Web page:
I am the middle one of three sisters. We call ourselves the BalasSisters ("bala" being the first few letters of our last name). Eight year old Tania was a little lost (as most 8 year old little "Tanias" are). I wasn't sure who I was or what I was. All I knew was that I was the younger sister of the confident, popular and beautiful red-headed T1 and the older sister of the adorable, giggly baby of the family T3. I was T2, the tomboy who wore big round glasses that could have easily been mistaken for my grandmother's glasses and who was no stranger to a pint of ice cream or a box of cookies. I was the one with the hair always parted in the middle and tied back so tightly that somehow it earned the nickname of "nun-like hairstyle" (we speak Armenian at home so this nickname loses something in translation. You get the idea though).
I had two nicknames oh-so-gracefully bestowed upon me around that age: thanks to my hairstyle, I was either "nun-like" or thanks to my general shape and demeanor, I was "trucker". Now, for a brief moment, think about both my nicknames and try to picture a chubby nun-like trucker with big round glasses with gold and auburn trim. Do you have an image in your head? I bet that image is pretty hilarious. Well, that was me.
As mentioned, during my nun-truck years, I wasn't exactly sure what this whole ''being a human'' and "developing your entity" thing was about so, because I did not know who Tania was and what Tania liked, I thought to myself ''If I can't be Tania, then I'll be someone else.''
At 8 years old, I had seen the movie "Harriet the Spy" starring the pre-Buffy and pre-Gossip Girl Michelle Trachtenberg. I remember watching the movie and thinking ''this girl looks like fun. Let's be her!'' Like me, her hair was always parted in the middle and tied back (though not as tightly and slightly less nun-ish). We had similar hair and that was enough for me to think that I could be Harriet.
|Harriet with her perfectly parted hair and notebook|
I cannot remember anything about the movie besides the fact that the main character, Harriet, was a young spy (the title must have given that one away!), the fact that there was a reference to horseback riding in the movie, and Harriet's aspirations to be a writer or a (horseback) rider. At the time, Trucker Tania had not understood if Harriet had said she wanted to be a writer or a rider so, because I had not understood (and because I wanted to be Harriet), I decided that I would be both. I quickly abandoned the rider idea though when I realized that just the thought of getting on a horse made me tremble with fear and horror. I had had a rather ''traumatic'' incident (traumatic for me but hilarious for my family) when I was five and thought that a horse was going to eat my foot while I was on its back. To this day, I have a slight fear of riding horses. A few years ago, I bravely rode a mule in the woods of the Dominican Republic. Going up and down steep, muddy and slippery narrow pathways seemed to have kicked most of the fear out of me though.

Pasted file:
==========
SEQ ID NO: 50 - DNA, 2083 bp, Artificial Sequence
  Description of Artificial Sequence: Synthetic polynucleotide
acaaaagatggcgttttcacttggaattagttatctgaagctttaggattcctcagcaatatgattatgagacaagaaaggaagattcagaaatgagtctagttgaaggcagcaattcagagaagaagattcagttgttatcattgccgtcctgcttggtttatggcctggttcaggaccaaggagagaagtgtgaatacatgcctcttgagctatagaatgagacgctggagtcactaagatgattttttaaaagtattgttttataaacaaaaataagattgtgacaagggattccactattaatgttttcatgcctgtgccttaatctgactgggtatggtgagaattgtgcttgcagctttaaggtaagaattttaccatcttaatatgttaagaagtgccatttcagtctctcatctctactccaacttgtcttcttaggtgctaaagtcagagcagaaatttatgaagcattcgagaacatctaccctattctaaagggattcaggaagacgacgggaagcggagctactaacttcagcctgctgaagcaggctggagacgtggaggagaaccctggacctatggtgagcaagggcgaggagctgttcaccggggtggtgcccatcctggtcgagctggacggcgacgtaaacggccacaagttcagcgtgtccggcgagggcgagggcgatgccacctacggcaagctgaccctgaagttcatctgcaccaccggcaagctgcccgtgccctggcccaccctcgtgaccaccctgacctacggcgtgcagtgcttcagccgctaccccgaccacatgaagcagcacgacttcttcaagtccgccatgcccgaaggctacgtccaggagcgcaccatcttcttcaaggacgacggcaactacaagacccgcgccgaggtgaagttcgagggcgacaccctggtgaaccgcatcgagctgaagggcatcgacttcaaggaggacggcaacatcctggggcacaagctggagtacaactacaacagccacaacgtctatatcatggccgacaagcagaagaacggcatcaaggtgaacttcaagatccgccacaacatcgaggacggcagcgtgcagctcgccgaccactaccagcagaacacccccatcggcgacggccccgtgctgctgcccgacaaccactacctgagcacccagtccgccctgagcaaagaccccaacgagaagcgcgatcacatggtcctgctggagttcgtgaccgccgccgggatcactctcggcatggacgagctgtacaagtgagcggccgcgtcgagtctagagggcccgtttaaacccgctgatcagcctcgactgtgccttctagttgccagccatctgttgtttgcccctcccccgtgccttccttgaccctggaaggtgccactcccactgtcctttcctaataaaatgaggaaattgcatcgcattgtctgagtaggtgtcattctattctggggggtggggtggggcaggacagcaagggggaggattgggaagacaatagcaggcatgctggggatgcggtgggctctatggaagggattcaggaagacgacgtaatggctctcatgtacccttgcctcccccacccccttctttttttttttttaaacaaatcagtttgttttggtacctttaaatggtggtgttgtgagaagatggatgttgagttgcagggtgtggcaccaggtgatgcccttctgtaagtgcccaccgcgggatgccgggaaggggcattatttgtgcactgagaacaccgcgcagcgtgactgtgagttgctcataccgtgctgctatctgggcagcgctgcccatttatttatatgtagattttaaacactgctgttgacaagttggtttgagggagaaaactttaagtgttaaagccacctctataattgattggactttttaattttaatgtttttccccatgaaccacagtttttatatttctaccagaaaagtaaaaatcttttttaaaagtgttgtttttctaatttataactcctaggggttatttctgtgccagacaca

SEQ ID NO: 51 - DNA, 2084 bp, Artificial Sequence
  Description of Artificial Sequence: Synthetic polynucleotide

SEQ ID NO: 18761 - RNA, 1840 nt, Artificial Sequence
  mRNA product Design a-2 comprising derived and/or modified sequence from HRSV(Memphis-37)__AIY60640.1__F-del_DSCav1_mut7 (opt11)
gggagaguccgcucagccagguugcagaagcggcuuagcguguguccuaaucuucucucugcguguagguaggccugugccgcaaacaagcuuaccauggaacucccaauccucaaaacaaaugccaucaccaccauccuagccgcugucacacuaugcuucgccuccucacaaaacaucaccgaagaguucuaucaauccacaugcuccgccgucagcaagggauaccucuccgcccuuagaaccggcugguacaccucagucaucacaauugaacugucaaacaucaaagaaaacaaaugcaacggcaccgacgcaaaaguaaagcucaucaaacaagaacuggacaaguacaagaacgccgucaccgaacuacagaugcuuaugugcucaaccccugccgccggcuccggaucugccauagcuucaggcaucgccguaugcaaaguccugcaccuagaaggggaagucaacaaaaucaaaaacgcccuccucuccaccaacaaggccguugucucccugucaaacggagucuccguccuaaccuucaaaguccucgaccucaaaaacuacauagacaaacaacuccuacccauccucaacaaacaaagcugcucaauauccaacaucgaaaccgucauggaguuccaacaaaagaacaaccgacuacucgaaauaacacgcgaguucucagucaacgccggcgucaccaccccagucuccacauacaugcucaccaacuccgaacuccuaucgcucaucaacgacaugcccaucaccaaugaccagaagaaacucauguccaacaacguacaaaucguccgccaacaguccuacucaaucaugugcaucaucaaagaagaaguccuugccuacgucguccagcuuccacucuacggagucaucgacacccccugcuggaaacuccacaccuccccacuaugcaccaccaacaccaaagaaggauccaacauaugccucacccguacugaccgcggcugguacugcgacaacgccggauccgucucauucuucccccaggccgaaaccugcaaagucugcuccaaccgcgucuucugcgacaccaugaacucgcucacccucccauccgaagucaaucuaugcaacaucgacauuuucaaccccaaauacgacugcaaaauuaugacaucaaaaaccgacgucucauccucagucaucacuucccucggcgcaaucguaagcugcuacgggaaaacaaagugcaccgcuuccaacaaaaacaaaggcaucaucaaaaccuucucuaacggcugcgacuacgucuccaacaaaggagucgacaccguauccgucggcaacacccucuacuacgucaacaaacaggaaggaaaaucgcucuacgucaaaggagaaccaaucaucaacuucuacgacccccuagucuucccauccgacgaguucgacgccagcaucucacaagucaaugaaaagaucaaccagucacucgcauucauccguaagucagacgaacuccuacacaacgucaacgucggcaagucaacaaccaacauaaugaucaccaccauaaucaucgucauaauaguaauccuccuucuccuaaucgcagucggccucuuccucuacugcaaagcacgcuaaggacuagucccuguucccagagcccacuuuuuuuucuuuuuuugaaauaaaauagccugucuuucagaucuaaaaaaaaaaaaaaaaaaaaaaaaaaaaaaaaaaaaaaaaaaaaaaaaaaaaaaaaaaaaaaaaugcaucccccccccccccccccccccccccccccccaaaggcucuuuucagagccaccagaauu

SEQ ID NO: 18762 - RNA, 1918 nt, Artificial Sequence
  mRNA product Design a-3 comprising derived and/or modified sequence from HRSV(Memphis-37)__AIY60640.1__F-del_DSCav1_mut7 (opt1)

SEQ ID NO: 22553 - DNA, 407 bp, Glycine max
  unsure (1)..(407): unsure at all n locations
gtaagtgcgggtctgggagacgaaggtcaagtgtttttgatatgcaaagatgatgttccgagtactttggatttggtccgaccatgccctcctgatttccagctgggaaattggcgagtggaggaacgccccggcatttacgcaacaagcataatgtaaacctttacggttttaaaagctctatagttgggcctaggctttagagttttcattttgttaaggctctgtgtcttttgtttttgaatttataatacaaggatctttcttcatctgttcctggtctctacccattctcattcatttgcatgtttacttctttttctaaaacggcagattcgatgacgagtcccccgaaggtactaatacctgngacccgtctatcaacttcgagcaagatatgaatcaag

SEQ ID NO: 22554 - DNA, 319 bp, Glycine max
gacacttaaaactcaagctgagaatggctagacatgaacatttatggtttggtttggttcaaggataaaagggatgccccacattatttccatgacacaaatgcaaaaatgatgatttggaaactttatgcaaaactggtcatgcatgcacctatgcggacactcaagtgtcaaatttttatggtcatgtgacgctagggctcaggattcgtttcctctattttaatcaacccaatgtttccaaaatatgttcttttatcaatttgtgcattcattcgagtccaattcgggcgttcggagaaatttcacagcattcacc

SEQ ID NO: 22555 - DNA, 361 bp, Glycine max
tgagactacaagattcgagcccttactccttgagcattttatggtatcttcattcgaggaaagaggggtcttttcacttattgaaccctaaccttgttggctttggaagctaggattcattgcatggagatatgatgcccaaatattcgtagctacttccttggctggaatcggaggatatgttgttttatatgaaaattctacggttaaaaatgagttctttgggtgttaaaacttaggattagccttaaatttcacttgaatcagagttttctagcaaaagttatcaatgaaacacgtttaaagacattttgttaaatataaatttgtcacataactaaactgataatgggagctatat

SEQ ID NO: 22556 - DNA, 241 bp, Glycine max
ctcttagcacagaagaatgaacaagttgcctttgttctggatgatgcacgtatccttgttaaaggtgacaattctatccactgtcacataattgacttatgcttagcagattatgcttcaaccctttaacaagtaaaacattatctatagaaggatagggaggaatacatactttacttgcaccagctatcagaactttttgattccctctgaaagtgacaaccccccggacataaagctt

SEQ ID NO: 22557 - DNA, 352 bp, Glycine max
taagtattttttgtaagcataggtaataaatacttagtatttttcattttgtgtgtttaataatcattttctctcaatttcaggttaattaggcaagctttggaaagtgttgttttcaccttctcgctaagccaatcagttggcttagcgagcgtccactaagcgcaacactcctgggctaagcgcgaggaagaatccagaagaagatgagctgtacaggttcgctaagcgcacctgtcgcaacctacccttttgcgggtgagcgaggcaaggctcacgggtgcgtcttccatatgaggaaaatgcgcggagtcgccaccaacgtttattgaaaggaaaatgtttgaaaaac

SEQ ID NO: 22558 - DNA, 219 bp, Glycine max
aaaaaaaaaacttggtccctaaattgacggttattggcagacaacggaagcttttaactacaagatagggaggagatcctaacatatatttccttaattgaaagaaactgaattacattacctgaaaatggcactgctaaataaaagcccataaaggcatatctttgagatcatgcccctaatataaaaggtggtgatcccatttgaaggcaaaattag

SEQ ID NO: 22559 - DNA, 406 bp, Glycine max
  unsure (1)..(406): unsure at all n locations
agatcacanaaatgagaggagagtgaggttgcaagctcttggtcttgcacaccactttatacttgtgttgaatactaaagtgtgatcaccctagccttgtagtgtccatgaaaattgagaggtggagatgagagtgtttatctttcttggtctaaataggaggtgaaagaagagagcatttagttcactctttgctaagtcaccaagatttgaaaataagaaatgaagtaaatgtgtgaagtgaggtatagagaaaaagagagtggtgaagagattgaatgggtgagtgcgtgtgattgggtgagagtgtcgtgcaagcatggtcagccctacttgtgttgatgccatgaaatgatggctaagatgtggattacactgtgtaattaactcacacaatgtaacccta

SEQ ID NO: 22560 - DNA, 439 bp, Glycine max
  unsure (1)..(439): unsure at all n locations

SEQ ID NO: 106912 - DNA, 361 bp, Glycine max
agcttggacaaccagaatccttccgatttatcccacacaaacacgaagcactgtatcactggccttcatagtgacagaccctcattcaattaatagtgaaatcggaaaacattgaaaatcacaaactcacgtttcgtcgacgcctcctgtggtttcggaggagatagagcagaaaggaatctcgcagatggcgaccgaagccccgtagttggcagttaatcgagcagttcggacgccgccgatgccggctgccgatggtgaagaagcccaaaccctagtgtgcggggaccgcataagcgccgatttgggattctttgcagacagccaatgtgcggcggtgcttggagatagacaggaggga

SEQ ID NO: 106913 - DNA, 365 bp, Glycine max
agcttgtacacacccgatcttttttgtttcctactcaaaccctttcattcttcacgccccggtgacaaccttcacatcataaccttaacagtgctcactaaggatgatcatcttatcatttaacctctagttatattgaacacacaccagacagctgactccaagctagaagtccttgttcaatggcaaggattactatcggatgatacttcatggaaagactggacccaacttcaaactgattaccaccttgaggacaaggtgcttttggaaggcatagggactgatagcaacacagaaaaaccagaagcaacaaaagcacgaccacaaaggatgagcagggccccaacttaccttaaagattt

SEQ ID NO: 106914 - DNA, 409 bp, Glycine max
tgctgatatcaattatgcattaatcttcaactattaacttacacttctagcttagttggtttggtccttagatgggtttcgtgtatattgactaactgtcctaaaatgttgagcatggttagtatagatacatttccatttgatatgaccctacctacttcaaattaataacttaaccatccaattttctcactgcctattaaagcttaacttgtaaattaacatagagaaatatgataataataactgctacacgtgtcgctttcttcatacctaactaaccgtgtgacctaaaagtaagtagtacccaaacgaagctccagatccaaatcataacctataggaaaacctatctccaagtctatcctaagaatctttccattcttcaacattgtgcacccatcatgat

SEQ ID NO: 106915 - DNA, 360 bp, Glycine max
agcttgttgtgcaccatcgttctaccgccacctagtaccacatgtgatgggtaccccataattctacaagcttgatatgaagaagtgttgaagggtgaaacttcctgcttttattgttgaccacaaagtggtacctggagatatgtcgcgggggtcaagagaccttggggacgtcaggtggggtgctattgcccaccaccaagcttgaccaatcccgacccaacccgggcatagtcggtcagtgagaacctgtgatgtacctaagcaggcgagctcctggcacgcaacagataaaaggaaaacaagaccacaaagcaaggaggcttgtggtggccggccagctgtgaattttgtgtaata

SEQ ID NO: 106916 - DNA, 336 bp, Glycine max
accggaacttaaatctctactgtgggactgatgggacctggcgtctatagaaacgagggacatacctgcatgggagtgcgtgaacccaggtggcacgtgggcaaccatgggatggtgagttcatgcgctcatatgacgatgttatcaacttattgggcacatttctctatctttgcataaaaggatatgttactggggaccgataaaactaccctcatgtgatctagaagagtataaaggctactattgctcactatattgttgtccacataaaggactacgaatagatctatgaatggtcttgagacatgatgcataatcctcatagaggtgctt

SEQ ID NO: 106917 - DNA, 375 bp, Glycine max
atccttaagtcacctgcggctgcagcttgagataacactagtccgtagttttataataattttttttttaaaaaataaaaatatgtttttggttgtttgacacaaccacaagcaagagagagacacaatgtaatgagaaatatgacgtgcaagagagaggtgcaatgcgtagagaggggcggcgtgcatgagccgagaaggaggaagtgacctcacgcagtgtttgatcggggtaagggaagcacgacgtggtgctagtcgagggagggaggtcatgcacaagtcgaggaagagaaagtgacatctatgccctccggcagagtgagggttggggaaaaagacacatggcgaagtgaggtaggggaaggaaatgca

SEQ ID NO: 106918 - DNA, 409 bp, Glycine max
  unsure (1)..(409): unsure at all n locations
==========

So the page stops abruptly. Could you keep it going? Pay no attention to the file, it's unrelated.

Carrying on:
In order to truly be Tania the Spy, I needed to get a notebook like Harriet's. I got one and filled a few pages with doodles. I don't recall having any Harriet-esque adventures though. I retired my imaginary spy cap a few months later. It had not taken too long until it was time to ''switch entities'' and become the 6th Spice Girl.
That's a story for another day... ☺
As mentioned, I was no stranger to a pint of ice cream (and I'm still no stranger though I try to consume more consciously).
I recently made a tasty batch of vanilla ice cream; an ice cream that could put the Dairy Queens of this world to shame! Now this ice cream is serious stuff; rich, creamy and amazingly decadent. You haven't had real ice cream until you have had homemade ice cream!
Vanilla Ice Cream
- 1.5 cup full fat milk
- 2.5 cups heavy cream
- 8 large egg yolks
- 1 1/3 cup granulated sugar
- 2 tablespoons of vanilla extract (or 1 rounded spoon of vanilla paste)
- Put the milk and the heavy cream in a medium saucepan and bring to a simmer over medium heat while stirring occasionally. Once it simmers, remove from heat, add vanilla and put aside.
- In a big mixing bowl, whisk the egg yolks until they are light yellow in color.
- Gradually add the granulated sugar while whisking. Once all the sugar is added, slowly add the milk/cream mixture while whisking continuously (to not get scrambled eggs!).
- Once all the milk/cream is added, transfer the whole mixture back to the saucepan and heat over low heat, stirring frequently.
- Continue to cook this mixture, stirring, until it thickens and reaches a temperature of about 170-175F. The mixture should coat the back of a spoon.
- Once it has thickened, pour this custard in a shallow bowl and let it cool on your counter top. Once it has cooled a little, put it in the fridge to cool some more for about 6-8 hours.
- If you have an ice cream machine, pour the now cool mixture in the machine and let it churn for about 30 minutes. If you do not have an ice cream machine, put your shallow dish in the freezer. Let the mixture chill in the freezer and stir the ice cream around every hour or so as to not allow it to form little ice crystals. (If by chance you do have little ice crystals, then say you made an ice cream-faux granita hybrid! It will still taste divine!) ☺